Monday, June 25, 2012

Compare and Contrast: Fashions for June 1820 and 1829

Monday, June 25, 2012

Loretta reports:

I thought to do a little compare and contrast today.  These June fashions illustrate how women’s dress changed between 1820 and 1829.  By the later date, the waistline’s come down, the skirt is swelling out, and sleeves are starting the steady increase in pouffiness that will reach a truly entertaining phase in the 1830s.

No 1.—FANCY BALL DRESS. White slip of gros-de-Naples,* under a frock of fine net, richly embroidered with silver, and trimmed in the most splendid manner with geranium colour and roses of real silver lama.** Head-dress a diadem bandeau of diamonds, with a regal coronet and plume of white feathers. White shoes of figured gros-de-Naples, and white kid gloves.

From La Belle Assemblée.  Publisher J. Bell, 1820

No. VI.] JUNE, 1829. [PRICE 2S.

Dress of Aurora colour crêpe aërophane*** over a satin slip of the same colour; the corsage made close to the shape, displaying to advantage the fine formed bust; it is made extremely low on the shoulders, and adorned in the centre and sides with pinnatifid**** columns of satin ; the sleeve short and very full; the skirt is ornamented by tucks half a quarter wide, extending half way up the dress : pinnatifid columns extend perpendicularly, and give a grace and finish to this novel kind of dress.

The head-dress is composed of an Aurora coloured hat, profusely decorated with large plumes d'Autriche and large bows of striped gauze riband ; under the brim of the hat, on the left side, is placed a rosette, composed of blonde***** and riband, like that which decorates the crown. Pearl necklace ; white satin shoes and sandals ; white kid gloves.

R. Ackermann's Repository of fashions [4th ser. of the Repository of arts, literature, fashions, manufactures].Published1829

*"a corded Italian silk similar to Irish poplin; 'lutestring, now termed gros de Naples'" (English Women's Clothing of the Nineteenth Century, C. Willett Cunnington)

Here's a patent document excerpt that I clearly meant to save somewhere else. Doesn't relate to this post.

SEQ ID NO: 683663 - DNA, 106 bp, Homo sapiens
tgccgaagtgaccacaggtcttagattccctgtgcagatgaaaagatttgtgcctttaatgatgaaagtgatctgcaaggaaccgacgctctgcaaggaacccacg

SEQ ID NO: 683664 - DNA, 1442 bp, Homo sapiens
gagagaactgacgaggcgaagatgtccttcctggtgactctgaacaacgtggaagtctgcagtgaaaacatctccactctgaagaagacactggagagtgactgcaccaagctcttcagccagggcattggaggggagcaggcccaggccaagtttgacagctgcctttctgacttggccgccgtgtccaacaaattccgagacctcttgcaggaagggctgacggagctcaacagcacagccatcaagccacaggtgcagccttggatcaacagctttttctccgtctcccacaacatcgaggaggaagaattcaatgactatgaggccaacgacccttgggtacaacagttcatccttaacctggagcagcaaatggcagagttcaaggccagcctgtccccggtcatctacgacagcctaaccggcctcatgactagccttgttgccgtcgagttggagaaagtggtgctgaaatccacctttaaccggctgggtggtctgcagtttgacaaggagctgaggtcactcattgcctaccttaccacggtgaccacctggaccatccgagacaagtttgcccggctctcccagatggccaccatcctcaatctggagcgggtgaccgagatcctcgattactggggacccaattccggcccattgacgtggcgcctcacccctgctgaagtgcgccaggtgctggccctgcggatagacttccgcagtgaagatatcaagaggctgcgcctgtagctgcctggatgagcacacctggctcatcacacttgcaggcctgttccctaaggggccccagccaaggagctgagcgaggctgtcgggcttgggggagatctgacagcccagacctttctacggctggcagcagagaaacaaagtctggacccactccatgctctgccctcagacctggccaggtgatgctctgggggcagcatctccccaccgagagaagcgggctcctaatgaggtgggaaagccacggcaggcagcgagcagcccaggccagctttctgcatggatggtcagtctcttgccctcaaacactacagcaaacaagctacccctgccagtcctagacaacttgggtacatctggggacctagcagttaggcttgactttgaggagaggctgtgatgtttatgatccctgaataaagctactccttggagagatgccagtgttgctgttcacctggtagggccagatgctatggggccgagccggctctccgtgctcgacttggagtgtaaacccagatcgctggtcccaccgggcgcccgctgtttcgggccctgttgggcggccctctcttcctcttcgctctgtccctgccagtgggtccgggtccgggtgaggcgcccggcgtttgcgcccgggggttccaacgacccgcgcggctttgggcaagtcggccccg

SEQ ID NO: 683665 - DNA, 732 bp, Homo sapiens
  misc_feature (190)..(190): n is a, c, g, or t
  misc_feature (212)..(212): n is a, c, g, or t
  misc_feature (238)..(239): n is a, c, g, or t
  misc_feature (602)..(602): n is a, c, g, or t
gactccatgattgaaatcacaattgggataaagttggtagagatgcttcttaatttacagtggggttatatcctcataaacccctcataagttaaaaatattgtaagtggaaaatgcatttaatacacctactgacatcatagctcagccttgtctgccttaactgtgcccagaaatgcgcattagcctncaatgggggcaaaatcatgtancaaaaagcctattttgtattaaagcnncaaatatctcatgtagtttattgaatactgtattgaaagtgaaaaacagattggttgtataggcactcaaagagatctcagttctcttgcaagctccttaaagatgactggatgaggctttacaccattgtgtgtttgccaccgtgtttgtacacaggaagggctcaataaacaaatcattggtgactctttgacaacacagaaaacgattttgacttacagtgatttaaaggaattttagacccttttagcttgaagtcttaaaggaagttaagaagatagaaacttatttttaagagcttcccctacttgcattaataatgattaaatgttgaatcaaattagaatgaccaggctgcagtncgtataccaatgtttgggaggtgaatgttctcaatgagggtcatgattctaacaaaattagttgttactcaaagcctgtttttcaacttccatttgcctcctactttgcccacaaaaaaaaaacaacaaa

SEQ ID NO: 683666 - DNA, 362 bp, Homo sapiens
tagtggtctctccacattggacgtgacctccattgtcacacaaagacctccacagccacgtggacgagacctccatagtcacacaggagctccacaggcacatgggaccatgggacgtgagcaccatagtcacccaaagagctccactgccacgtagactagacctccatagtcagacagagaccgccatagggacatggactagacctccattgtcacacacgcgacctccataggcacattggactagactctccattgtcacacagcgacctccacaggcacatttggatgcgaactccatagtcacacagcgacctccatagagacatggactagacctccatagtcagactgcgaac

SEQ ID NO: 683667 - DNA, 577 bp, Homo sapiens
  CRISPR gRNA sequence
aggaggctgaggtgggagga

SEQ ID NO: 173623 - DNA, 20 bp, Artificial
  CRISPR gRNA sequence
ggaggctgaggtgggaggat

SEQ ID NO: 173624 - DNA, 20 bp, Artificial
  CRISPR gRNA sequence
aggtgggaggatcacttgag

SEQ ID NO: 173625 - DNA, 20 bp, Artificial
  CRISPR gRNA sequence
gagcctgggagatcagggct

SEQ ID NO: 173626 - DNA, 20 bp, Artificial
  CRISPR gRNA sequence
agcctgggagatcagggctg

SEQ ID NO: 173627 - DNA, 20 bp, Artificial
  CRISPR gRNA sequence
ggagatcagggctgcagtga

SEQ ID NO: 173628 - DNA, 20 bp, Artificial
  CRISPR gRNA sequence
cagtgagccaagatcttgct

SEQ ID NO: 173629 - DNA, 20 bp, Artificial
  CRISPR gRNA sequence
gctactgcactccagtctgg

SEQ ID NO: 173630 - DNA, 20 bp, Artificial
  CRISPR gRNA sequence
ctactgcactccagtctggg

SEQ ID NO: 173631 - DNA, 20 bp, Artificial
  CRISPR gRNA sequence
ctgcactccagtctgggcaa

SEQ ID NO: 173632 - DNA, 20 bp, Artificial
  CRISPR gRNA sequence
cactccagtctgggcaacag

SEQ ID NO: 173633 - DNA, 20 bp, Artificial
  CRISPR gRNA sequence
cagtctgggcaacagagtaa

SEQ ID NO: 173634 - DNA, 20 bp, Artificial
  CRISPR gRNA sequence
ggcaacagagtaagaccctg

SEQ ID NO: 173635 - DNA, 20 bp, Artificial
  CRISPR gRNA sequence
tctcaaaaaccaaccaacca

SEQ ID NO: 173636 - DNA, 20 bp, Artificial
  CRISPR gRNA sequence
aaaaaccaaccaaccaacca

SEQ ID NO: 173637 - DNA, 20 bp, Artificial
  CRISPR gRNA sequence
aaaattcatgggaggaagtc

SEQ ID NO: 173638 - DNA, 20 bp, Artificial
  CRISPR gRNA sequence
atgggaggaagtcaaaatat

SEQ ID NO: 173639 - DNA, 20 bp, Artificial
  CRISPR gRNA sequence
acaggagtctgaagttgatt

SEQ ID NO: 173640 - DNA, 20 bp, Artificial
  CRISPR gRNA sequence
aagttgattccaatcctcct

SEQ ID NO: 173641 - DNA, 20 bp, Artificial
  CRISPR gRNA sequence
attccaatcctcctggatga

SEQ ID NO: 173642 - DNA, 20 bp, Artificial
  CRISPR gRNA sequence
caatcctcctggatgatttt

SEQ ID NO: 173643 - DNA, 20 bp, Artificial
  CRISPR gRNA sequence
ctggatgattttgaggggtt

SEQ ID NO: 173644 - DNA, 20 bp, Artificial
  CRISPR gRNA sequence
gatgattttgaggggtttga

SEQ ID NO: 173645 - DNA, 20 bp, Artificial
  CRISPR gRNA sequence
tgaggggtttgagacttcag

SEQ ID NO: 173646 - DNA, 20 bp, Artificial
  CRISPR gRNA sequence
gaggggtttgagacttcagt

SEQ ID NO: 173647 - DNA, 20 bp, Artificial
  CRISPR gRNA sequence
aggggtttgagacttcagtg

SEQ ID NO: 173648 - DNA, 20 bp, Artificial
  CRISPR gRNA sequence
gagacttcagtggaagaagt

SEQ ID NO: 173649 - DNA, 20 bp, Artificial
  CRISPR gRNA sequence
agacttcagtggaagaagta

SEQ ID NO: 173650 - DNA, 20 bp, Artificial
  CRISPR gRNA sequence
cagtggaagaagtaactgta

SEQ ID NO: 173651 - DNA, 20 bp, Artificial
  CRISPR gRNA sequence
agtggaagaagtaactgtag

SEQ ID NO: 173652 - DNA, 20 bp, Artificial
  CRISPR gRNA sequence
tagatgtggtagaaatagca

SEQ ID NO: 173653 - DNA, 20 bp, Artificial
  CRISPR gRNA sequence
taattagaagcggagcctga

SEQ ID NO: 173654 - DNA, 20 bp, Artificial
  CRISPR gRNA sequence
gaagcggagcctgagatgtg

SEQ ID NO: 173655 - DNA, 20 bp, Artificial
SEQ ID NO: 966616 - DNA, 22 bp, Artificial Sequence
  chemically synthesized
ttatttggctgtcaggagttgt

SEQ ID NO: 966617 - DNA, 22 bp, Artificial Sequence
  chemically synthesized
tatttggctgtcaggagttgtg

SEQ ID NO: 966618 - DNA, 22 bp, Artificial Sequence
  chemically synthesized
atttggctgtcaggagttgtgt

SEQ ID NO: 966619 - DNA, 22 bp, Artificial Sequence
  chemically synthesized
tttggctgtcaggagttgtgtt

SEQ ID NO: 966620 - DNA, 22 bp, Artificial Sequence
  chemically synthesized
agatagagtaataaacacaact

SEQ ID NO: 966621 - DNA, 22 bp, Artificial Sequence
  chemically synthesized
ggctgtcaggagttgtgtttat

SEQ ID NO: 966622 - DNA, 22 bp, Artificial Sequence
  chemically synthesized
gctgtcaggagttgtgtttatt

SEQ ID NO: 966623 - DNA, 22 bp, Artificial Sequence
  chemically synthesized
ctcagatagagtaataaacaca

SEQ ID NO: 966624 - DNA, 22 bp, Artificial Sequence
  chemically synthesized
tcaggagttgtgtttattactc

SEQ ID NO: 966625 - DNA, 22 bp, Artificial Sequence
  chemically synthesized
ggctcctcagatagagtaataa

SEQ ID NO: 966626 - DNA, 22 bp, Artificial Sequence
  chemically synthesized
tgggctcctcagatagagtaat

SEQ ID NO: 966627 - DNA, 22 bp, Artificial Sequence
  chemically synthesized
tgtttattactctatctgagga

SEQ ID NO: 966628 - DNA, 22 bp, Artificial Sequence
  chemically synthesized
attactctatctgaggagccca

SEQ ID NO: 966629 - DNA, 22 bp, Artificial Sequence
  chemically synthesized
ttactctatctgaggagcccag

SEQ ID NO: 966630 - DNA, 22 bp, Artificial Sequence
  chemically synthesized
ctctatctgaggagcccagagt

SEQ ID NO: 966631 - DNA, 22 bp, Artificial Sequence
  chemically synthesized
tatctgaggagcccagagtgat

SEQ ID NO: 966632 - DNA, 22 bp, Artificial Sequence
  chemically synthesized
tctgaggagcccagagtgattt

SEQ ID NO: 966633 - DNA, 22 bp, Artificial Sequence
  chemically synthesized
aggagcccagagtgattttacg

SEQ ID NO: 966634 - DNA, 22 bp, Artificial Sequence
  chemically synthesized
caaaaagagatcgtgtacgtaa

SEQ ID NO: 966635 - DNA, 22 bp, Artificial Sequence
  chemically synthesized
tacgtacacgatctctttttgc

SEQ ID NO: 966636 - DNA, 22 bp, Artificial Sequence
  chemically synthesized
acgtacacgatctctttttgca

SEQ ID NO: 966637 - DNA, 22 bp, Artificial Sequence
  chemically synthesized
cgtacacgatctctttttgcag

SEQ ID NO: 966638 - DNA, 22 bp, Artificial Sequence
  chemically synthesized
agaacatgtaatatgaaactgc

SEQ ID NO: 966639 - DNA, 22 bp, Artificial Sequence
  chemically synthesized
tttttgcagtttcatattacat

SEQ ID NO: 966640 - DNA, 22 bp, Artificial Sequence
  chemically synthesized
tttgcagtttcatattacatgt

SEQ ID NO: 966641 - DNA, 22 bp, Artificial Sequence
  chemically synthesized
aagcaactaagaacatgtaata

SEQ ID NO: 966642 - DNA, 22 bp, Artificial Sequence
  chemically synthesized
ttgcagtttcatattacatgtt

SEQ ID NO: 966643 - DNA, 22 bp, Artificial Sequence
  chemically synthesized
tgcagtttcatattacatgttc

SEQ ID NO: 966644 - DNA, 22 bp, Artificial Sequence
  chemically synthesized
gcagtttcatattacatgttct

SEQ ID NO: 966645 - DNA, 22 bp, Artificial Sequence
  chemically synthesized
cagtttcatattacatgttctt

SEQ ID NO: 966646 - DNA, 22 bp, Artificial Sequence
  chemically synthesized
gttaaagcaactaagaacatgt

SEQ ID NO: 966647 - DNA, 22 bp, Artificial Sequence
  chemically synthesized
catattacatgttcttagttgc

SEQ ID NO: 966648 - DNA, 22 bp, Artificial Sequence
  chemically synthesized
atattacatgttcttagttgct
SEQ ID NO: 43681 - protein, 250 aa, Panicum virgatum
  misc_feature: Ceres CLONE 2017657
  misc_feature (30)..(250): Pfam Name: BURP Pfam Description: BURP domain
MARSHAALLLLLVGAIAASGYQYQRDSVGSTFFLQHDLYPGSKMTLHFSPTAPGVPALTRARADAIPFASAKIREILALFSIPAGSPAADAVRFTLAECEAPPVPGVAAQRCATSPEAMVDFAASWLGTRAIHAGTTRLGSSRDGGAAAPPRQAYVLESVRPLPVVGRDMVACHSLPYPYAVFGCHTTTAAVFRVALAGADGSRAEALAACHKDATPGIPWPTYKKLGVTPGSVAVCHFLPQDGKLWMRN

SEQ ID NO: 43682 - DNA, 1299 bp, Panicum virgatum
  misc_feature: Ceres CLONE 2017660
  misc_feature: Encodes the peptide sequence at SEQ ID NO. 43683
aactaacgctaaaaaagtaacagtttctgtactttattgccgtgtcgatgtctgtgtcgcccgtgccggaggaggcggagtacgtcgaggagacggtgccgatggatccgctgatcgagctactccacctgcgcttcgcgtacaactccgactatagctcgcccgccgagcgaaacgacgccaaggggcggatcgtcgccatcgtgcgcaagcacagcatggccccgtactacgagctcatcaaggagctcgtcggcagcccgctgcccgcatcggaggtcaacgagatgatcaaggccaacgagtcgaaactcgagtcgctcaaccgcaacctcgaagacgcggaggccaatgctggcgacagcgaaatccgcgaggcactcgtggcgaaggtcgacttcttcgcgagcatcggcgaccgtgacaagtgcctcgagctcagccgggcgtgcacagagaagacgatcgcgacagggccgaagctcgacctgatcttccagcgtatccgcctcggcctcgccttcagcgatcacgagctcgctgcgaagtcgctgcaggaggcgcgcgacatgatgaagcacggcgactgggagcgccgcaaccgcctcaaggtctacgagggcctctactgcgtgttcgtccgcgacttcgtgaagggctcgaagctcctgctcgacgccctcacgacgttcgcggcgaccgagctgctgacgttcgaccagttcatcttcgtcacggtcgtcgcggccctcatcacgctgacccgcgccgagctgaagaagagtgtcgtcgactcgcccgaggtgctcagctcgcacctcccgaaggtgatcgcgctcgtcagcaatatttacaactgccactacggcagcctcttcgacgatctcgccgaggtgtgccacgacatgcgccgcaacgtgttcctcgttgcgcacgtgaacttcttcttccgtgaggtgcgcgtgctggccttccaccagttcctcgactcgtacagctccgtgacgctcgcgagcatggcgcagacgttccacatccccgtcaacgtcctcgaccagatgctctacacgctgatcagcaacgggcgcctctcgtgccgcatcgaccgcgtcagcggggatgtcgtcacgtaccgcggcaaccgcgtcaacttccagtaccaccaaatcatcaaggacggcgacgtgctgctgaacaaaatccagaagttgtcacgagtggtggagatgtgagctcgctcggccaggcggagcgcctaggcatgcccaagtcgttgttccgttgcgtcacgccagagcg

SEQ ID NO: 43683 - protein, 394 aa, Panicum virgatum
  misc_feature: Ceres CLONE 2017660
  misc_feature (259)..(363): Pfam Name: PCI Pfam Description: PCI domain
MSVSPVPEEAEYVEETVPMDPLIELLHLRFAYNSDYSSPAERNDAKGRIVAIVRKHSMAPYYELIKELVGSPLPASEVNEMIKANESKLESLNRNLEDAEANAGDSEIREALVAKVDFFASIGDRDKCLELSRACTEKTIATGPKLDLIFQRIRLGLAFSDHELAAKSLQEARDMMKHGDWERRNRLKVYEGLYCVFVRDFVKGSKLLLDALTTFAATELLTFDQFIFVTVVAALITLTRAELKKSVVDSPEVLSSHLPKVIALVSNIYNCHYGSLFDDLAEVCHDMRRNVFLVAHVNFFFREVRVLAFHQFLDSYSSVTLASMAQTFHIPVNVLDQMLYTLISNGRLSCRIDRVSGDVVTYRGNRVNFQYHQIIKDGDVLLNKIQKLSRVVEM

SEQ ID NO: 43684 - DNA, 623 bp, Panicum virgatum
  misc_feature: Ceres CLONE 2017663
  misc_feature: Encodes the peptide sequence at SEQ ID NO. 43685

***thin crinkled semi-transparent fabric
****like fern fronds
*****silk lace


Darlene Marshall said...

I sometimes wonder if the headgear we see in the illustrations was actually worn to the event, or if it's like fashion in the 21st C. where what you see on the runway isn't what real women wear. That 1929 feathered confection looks damned unwieldy.

Thanks for sharing the pix and the explanations of fabrics!

Darlene Marshall said...

Sorry, that's 1829, obviously.

Kathy said...

They went from comfortable and attractive clothes to tightly corseted and ugly clothes in only ONE year.


Julia said...

I find it interesting that in the 1820 image, there are already clear signs that the fashion makers / wearers have enough of seemingly simple, light fabrics and cuts - the dress looks stiffer, and I can't imagine those huge lamé roses on a classic Regency outfit. They look like they belong on a couch! And the words to describe it all sound more formal, too. ("regal", "coronet").

And then nine years later the fasionable world stopped being shy about their desire for shiny & stiff & tight-fitted. I remember a phrase from a temporary source: "The women have grown tired of comfortable dresses and long for the pains and discomforts of their grand-mothers."

I'm in two mind about that "new" (hah) fashion. It probably looked better in real life because we see an idealized version with an ideal that isn't ours. On the other hand? It reminds me a bit of the current tendency to revive the scariest trends of the 80ies, topped with play-dough colored nail polish.

As for corsets: Those will never lose their strange appeal. Show me one period movie in victorian or baroque times where the costume designers jump on the chance to put the actresses in tight corsets.

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